The electricity market report underlines the extent to which a decrease in electricity consumption helped to alleviate wholesale electricity prices. The European Power Benchmark averaged 187 €/MWh in Q4 2022– some 4% lower than in the same period twelve months earlier. The highest prices during the quarter were recorded in Greece and Italy (246 and 245 €/MWh, respectively) and were 11% and 1% higher than in Q4 2021.

Despite price developments in the final quarter, wholesale electricity prices in European markets broke several record highs in the course of 2022, with an unprecedented peak in August. The Russian war in Ukraine affected energy markets resulting in substantial increases in prices, volatility and uncertainty in the energy supply. Record high gas prices, exceptionally low nuclear fleet availability and reduced hydro output due to drought, increased the pressure on the already tight market. In 2022, the European Power Benchmark averaged 230 €/MWh, 121% higher than in 2021. Italy had the highest baseload electricity prices (304 €/MWh on average) in 2022, followed by Malta (294 €/MWh), Greece (279 €/MWh) and France (275 €/MWh).

At the same time, the share of renewables increased to 39% in 2022 (from 38% in 2021), while share of fossil fuels rose to 38% (from 36% in 2021). In 2022, the combined solar and wind generation increased their output by 14% in 2022 (+76 TWh). Moreover, solar generation rose by 26% (+41 TWh), onshore wind increased by 10% (+33 TWh) and offshore wind climbed by 4% (+2 TWh). A new record of installed renewable capacity was reached in the EU in 2022, as 57 GW of solar and wind capacity were added to the system. However, subdued yearly hydro generation fell by 17% (-61 TWh) on a drought that affected Europe.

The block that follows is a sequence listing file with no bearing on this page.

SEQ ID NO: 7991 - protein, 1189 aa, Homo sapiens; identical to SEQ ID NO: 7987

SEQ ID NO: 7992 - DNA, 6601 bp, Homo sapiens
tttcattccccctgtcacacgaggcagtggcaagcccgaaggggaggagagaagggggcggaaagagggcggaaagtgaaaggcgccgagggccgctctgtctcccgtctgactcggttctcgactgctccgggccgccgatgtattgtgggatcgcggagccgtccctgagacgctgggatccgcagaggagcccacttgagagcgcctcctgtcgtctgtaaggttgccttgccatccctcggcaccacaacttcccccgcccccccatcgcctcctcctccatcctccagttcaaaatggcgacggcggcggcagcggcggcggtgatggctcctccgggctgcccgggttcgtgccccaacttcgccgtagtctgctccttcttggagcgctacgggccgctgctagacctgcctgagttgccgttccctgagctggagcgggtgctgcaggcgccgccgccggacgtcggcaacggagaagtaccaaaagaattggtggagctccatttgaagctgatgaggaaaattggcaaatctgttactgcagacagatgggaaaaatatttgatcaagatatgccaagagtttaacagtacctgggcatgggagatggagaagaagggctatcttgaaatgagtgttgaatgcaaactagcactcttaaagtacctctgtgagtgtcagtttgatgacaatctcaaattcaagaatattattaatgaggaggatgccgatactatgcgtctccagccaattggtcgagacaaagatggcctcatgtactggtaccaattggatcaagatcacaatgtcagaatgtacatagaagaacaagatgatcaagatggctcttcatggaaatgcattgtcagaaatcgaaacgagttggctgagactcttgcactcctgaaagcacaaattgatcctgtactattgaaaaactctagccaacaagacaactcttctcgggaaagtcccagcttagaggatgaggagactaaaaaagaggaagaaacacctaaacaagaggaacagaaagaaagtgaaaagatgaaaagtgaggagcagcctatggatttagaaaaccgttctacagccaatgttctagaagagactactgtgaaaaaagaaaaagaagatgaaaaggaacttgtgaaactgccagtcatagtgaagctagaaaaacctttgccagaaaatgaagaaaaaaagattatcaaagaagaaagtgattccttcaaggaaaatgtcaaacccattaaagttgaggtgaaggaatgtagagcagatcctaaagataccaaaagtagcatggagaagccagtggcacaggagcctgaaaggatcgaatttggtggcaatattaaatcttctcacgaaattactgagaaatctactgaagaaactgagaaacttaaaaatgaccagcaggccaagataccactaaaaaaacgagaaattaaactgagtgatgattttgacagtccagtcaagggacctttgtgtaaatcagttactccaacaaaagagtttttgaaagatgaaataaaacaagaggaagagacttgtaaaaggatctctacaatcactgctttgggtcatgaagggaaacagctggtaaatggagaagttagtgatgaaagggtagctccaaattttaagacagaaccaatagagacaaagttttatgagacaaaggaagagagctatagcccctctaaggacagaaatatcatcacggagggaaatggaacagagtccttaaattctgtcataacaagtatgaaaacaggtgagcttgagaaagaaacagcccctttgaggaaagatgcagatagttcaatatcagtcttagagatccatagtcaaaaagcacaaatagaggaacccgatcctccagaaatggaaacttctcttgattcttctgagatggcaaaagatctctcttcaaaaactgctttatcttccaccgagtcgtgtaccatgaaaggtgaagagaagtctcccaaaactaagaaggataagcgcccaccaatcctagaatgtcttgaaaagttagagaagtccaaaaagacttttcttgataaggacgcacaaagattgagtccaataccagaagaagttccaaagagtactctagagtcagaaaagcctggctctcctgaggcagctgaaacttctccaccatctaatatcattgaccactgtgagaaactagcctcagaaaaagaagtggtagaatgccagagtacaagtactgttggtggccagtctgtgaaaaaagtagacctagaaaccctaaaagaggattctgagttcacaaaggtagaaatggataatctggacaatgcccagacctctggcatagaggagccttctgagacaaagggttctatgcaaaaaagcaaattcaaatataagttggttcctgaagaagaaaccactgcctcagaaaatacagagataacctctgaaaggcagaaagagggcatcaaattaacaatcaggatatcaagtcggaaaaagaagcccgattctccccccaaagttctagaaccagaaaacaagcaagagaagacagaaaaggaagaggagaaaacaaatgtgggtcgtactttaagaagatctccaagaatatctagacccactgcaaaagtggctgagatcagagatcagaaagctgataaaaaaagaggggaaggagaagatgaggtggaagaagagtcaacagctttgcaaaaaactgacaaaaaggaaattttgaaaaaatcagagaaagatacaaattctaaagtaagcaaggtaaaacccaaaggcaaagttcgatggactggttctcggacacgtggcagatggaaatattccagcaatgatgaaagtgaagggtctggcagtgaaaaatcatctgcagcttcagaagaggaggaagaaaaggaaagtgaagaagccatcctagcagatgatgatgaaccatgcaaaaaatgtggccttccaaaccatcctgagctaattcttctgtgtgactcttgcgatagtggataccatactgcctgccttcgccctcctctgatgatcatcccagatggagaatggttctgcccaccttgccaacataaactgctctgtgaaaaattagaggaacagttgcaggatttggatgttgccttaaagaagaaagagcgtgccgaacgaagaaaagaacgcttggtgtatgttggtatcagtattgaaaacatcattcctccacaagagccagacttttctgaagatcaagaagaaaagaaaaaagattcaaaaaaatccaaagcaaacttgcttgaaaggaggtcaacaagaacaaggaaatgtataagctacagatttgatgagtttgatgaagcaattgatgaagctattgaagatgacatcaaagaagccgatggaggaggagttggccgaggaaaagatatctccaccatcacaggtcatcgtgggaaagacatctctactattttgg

Coal-fired generation increased by 6% (+24 TWh), whereas less CO2-intensive gas generation rose slightly by less than 1% (+1 TWh). Rising gas prices made gas-fired power generation less economically favourable compared to coal-fired generation. Nuclear generation outages and delayed scheduled maintenance in France made nuclear output fall by 17% (-118 TWh) in 2022.

High wholesale electricity prices resulted in rising bills for households in 2022, impacting the industry as well. Government interventions in some EU countries alleviated the bill for consumers. The ease in wholesale prices registered in Q4 2022 reduced the pressure on retail prices.

Demand for electrical vehicles (EVs) in Q4 2022 reached an all-time quarterly record. More than 695,000 new EVs were registered in the EU in Q4 2022, an increase of 30% in comparison with the same quarter in 2021.


Related links


Publication date
17 May 2023
Directorate-General for Energy